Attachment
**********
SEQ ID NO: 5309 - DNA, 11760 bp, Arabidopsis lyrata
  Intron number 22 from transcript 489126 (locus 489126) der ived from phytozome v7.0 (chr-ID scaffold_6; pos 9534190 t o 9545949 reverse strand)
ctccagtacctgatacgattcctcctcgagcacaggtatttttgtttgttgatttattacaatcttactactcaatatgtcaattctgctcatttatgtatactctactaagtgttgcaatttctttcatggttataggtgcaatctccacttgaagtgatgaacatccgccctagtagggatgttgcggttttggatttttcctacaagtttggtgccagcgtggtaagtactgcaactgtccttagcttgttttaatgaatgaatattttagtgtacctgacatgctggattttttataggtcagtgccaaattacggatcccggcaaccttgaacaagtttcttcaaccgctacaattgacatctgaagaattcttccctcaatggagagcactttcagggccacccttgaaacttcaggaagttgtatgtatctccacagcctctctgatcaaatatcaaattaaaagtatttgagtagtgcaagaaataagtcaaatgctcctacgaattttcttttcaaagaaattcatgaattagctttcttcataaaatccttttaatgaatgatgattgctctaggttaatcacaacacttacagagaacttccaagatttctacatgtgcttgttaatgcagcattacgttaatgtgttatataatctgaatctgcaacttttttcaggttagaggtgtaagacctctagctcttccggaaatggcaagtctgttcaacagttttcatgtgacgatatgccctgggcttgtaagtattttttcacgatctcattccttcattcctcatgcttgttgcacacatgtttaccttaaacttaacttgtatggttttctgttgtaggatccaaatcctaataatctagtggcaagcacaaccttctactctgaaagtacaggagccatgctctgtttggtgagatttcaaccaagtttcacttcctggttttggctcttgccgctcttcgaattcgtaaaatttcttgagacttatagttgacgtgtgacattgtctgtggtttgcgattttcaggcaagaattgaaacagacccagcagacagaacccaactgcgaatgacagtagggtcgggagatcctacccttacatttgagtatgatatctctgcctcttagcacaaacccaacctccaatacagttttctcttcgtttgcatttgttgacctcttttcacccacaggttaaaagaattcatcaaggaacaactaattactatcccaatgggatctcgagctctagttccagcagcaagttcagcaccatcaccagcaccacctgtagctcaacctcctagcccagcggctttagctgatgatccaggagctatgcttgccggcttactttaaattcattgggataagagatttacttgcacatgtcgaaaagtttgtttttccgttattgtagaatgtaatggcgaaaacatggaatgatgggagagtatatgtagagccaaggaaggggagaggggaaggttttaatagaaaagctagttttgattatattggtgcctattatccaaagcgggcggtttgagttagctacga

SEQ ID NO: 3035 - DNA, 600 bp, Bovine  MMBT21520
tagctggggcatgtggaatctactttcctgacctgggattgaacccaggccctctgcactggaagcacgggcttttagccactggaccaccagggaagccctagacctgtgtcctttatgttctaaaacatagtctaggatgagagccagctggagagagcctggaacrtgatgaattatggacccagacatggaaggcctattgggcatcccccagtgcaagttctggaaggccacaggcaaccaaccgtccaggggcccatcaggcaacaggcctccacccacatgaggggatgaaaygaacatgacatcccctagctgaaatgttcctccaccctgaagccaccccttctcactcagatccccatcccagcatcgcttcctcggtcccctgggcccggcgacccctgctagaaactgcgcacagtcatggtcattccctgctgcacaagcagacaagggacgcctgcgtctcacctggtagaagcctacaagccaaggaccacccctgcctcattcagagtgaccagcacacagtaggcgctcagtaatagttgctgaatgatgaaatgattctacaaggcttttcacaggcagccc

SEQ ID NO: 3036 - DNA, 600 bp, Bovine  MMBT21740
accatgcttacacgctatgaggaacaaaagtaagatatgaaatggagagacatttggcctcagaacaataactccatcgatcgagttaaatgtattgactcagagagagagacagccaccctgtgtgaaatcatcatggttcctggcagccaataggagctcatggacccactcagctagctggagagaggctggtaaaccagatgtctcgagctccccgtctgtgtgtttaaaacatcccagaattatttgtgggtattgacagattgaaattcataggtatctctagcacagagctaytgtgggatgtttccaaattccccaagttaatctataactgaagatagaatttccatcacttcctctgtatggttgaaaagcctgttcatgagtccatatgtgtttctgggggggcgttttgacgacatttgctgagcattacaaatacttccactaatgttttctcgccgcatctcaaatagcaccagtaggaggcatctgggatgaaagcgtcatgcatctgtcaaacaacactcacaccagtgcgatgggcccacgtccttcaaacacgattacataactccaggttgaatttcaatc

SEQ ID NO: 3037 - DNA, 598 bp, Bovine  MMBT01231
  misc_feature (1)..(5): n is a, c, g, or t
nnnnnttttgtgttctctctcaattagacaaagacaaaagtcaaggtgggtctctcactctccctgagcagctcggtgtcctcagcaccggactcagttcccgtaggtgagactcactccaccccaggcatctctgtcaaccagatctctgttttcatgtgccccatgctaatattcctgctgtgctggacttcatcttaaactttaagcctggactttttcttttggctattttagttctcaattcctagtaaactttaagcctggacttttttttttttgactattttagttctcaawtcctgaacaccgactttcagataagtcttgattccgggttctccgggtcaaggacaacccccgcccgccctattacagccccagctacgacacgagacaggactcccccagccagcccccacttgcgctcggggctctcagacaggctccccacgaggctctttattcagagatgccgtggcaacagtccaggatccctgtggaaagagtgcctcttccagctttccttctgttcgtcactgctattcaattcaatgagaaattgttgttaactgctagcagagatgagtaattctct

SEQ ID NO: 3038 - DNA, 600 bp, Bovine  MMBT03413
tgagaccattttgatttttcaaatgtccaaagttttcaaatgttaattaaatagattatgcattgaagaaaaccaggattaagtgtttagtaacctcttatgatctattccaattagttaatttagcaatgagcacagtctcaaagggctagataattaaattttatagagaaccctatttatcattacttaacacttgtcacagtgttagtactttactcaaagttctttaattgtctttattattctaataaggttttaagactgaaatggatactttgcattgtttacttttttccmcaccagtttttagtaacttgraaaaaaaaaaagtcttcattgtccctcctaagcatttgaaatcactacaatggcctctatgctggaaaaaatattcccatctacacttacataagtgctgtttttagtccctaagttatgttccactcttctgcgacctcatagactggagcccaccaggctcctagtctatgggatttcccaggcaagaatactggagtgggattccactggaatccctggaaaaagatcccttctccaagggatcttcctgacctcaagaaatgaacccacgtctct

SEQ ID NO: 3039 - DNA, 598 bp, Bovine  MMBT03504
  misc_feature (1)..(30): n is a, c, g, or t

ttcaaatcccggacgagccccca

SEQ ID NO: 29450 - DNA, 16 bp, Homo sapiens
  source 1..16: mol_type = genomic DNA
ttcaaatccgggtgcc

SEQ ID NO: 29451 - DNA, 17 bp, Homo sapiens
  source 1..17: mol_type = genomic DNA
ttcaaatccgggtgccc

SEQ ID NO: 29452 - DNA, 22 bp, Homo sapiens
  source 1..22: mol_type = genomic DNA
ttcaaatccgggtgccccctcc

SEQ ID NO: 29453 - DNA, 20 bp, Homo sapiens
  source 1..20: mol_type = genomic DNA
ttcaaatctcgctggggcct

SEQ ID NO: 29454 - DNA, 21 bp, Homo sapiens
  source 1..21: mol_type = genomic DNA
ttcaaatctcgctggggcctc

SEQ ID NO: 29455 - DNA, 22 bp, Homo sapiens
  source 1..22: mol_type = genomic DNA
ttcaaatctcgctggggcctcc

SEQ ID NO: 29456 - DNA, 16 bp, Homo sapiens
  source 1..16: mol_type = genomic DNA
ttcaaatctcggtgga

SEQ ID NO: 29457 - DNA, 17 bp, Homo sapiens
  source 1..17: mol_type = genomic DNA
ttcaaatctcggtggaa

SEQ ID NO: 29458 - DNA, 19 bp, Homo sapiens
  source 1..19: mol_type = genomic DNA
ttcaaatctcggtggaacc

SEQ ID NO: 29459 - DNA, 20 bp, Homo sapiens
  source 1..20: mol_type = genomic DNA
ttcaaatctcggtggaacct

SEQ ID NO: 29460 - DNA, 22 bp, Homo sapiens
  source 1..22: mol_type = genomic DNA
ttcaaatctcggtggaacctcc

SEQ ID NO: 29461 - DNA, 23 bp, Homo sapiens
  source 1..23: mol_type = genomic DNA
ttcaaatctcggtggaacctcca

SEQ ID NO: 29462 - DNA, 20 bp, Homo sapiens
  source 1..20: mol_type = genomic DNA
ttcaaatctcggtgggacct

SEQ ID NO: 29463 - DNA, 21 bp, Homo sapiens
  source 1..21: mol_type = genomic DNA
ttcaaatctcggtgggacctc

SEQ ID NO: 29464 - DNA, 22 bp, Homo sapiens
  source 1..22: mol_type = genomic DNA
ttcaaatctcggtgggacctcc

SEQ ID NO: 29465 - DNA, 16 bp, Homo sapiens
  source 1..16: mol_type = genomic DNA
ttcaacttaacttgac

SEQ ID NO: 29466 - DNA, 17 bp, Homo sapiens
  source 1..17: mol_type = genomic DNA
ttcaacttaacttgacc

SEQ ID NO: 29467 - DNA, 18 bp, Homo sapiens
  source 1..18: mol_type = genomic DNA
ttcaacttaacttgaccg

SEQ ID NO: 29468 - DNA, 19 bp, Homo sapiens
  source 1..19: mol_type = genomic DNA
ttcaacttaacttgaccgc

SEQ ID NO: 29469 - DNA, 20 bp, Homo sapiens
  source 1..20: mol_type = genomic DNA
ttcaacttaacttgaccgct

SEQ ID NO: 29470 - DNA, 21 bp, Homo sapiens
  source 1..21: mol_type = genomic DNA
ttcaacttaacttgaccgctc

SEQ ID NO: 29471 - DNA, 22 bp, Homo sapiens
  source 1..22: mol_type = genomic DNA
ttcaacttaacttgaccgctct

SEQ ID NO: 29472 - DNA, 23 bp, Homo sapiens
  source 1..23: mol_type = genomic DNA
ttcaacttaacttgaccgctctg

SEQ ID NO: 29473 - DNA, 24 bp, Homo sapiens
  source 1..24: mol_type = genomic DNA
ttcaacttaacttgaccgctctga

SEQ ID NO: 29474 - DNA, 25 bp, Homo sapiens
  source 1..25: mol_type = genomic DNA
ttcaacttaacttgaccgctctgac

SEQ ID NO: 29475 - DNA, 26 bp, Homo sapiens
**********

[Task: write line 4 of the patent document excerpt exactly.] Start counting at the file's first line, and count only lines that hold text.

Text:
SEQ ID NO: 3035 - DNA, 600 bp, Bovine  MMBT21520